Anyway, whatever you decide to do I do think you move slowly and cautiously. You have years worth of work ahead IMO and I think slow and steady progress is exactly what you should be aiming for in this situation.

7e746be2f0e550a8cd7df881322ae705

(18701)

on August 22, 2011
at 08:02 PM

This answer is completely and totally awesome, Shari.

5266ac5977ec9d80ac8047697dbbe55b

(738)

on August 22, 2011
at 10:21 PM

Thank you, Shari. It is great to hear about someone who has seen Wellbutrin push them in the rit direction toward health and wellness. I do need to remind myself that baby steps are important...not everyone is like me in that I can spend hours at a time combing through medical research, nutritional advice, and even dabble in some biochem! I have been very focused on not being accusatory, and being a resource for him IF and WHEN he wants it. He has seen my progress and is naturally very curious. Being an example is the best thing I can be. Thanks for a beautiful response.

6120c989fd5b69f42a0834b69b87955b

(24553)

on August 22, 2011
at 08:11 PM

Fabulous answer.

Aead76beb5fc7b762a6b4ddc234f6051

(15239)

on August 23, 2011
at 04:03 AM

I agree. Excellent and compassionate, wise response.

Cbb1134f8e93067d1271c97bb2e15ef6

on August 23, 2011
at 04:18 AM

+1. I read this question earlier and as I thought about it, I actually thought to myself that I hoped you respond to it as you'd do a dynamite job...including the Wellbutrin. This qualitifes as one of my alltime favs on PH. Many will benefit. Yup. AWESOME.

6
6120c989fd5b69f42a0834b69b87955b

(24553)

on August 22, 2011
at 08:42 PM

What Shari said.

I think before thinking about doing the Whole 30 thing, it might be helpful for both of you to read "The Mood Cure" by Julia Ross and "Primal Minds, Primal Bodies" by Nora Gedgaudas. Both talk about recovery and have some practical ideas. I was actually reading the chapter last night in Primal Minds, Primal Bodies about alcoholism essentially being one in the same as sugar addiction. And when the sugar addiction is conquered usually the alcohol relapses stop too.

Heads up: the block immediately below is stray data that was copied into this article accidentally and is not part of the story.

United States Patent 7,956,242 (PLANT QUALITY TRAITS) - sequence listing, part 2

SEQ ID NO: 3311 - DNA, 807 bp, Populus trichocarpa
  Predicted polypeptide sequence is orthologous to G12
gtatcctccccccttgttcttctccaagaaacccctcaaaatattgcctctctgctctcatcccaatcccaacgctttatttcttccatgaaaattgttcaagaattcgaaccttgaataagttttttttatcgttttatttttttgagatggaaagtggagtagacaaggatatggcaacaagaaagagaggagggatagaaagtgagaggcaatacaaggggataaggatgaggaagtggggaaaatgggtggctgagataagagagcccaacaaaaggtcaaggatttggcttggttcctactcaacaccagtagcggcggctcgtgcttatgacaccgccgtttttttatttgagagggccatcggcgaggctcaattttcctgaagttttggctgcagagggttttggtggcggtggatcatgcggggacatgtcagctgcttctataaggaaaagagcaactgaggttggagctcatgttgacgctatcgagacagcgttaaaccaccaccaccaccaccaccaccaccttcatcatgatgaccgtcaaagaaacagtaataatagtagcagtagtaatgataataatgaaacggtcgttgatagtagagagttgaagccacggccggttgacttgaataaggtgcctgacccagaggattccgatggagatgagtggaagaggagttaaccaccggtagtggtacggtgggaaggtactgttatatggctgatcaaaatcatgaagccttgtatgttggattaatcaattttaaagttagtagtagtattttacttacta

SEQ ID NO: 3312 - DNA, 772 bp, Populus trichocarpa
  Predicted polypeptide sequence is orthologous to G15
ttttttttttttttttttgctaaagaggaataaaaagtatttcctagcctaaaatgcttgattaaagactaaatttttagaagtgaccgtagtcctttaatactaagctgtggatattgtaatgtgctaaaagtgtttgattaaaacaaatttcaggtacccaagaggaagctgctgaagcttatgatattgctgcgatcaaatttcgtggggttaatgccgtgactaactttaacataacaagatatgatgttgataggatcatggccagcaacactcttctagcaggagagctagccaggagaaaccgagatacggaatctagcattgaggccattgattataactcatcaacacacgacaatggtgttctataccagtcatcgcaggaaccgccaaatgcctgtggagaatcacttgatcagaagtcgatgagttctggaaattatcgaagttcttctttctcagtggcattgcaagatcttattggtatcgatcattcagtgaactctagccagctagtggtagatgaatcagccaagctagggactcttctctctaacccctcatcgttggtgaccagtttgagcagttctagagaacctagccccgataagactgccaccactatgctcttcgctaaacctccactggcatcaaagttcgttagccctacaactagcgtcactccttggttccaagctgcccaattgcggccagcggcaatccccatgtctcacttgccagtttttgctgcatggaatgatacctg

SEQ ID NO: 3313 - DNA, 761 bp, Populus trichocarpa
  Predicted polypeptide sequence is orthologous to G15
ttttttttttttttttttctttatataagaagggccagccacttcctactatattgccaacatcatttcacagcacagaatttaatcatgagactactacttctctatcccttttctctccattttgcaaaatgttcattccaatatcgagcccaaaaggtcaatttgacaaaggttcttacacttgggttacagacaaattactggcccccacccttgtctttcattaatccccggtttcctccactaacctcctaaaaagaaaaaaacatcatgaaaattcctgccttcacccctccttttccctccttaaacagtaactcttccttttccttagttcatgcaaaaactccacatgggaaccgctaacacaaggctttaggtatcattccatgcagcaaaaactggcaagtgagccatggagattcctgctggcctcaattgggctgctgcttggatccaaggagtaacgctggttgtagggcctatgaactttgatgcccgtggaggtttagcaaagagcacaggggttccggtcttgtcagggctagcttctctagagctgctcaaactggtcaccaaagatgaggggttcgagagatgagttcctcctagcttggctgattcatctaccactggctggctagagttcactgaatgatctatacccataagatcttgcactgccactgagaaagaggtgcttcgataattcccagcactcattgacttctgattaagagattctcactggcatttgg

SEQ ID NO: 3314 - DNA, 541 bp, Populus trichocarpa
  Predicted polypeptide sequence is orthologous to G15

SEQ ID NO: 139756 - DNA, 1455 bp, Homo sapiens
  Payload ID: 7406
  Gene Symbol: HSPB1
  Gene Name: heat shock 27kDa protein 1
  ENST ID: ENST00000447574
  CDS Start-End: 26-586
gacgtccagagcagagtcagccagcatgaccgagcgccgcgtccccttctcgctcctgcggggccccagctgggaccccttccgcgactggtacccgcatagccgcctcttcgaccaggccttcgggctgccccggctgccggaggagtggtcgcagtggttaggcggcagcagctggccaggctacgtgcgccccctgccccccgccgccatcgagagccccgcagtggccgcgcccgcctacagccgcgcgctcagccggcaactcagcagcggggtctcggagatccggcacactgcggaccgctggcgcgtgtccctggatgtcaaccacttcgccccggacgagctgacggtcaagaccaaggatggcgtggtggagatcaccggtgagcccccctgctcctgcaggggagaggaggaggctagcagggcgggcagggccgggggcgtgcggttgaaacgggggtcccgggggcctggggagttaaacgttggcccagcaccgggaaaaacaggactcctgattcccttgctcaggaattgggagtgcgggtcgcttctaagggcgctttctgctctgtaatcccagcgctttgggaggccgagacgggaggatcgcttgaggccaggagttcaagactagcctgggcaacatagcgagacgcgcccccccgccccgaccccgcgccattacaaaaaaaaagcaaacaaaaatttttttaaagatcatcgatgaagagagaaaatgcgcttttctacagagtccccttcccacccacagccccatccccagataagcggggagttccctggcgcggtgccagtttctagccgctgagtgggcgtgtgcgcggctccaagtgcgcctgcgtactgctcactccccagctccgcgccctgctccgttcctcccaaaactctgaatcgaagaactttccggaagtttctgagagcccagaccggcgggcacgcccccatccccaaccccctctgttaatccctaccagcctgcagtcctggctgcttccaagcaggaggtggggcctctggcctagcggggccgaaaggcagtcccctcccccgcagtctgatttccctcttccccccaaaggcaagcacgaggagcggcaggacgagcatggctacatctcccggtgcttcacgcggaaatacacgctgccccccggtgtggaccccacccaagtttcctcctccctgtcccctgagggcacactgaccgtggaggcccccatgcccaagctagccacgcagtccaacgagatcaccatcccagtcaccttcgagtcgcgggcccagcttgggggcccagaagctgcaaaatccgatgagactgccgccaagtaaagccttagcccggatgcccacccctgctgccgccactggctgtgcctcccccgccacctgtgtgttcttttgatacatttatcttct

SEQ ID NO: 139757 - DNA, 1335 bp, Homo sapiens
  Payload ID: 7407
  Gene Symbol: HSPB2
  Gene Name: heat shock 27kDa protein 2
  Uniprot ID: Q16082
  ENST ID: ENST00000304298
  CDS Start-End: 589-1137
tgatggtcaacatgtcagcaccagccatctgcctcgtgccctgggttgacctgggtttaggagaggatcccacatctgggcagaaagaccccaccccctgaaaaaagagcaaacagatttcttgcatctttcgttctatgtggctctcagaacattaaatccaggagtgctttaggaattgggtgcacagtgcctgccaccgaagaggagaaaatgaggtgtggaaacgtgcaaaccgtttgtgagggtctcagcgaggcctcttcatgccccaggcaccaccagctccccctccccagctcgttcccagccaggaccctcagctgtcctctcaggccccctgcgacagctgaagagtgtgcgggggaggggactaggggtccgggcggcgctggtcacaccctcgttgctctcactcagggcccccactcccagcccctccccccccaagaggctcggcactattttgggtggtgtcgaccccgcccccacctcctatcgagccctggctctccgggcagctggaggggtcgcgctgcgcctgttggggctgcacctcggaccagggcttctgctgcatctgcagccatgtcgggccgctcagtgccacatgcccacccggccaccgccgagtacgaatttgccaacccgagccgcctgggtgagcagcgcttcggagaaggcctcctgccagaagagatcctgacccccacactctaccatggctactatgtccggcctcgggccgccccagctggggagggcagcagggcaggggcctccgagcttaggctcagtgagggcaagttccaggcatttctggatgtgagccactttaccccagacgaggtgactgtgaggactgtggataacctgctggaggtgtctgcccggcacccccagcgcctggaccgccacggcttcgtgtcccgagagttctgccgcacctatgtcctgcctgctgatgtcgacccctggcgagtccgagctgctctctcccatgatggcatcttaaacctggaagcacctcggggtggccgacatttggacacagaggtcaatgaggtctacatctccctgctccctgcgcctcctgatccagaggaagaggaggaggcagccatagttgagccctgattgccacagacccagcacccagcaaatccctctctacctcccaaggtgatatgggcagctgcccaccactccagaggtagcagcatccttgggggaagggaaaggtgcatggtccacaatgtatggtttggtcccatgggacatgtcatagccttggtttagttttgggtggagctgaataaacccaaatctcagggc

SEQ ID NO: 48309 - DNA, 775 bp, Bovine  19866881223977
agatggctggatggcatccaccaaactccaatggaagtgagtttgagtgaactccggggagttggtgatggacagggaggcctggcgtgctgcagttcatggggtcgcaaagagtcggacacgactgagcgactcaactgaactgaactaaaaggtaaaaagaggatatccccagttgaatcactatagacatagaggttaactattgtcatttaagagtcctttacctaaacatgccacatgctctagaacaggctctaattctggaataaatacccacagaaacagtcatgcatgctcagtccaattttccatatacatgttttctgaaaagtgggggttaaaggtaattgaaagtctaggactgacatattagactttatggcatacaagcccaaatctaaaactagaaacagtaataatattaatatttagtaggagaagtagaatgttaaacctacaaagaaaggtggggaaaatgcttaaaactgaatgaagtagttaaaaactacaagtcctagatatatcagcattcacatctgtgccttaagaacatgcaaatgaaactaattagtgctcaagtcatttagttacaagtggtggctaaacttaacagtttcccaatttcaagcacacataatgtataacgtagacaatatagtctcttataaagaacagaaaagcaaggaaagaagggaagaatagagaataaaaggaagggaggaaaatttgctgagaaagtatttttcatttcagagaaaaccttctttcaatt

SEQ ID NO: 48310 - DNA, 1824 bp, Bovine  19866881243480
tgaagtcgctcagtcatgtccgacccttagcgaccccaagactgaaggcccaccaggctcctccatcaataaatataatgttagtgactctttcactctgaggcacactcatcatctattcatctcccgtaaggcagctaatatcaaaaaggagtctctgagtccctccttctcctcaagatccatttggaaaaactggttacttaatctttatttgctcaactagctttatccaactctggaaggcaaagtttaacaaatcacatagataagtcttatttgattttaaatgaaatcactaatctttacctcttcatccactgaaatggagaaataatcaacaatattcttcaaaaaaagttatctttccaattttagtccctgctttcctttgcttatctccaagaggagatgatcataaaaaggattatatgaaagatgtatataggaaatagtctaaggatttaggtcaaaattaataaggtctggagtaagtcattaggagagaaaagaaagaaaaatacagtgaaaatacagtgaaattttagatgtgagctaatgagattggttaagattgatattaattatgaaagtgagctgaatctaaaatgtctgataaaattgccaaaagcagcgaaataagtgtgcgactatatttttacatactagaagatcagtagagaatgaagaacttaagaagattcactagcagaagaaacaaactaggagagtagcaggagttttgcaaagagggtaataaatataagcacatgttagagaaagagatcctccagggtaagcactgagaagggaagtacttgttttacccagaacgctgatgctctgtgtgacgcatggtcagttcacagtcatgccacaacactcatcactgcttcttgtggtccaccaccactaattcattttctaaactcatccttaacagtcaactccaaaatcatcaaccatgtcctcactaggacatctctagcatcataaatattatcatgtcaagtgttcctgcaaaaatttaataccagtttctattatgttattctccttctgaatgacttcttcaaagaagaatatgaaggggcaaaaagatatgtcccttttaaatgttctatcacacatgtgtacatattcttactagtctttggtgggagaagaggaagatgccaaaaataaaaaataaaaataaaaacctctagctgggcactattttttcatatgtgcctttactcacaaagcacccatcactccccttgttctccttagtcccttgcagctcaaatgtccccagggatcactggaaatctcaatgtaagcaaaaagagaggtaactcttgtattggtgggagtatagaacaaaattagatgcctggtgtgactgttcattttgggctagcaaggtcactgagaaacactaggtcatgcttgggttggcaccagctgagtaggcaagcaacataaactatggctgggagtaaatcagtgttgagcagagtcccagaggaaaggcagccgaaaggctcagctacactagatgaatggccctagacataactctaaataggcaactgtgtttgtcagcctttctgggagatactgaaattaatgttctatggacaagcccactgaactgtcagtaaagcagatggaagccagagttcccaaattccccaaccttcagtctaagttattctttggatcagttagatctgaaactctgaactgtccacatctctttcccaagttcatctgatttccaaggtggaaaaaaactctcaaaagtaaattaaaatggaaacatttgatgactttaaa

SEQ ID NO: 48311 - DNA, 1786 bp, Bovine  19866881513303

It sounds like the steps your father has taken so far are certainly in the right direction, and those changes tend to be self propelling as wellness is improved, it might not be a straight line, but he'll get there. Slow and steady. I would leave the tobacco, caffeine, and Wellbutrin out of it for now, and slowly work on weaning off of sugar.

If you are looking to get more pastured meat in him you guys could do some cow-pooling and split 1/4 or 1/2 of a grassfed cow if you have a big freezer, or split a "freezer lamb" if you're tight on freezer space. I wouldn't hound him about the veggies either right now, focus on fat and meat. If he's really into processed meat, you could give him a big gift basket of uncured pastured pork bacon and sausage, deer sausage, and stuff like that for the holidays.

Kudos to both of you, you sound like a great team for tackling this.

5266ac5977ec9d80ac8047697dbbe55b

(738)

on August 22, 2011
at 10:31 PM

I am always reading something paleo related, so I think I need to push those two books to the top of the pile. I value your advice about the sugar part first and will definitely bring it up the next time we are discussing the lifestyle aspects of his recovery. Thanks!

Cbb1134f8e93067d1271c97bb2e15ef6

on August 23, 2011
at 04:35 AM

+1 - great response!

2fbba2cfe386a13fd7888ccc0c50fe92

(205)

on August 28, 2011
at 04:47 PM

I second the recommendation on Julia Ross and Nora Gedgaudas books. They both helped me tremendously! Good on ya for being so concerned and helpful with your father's situation!

5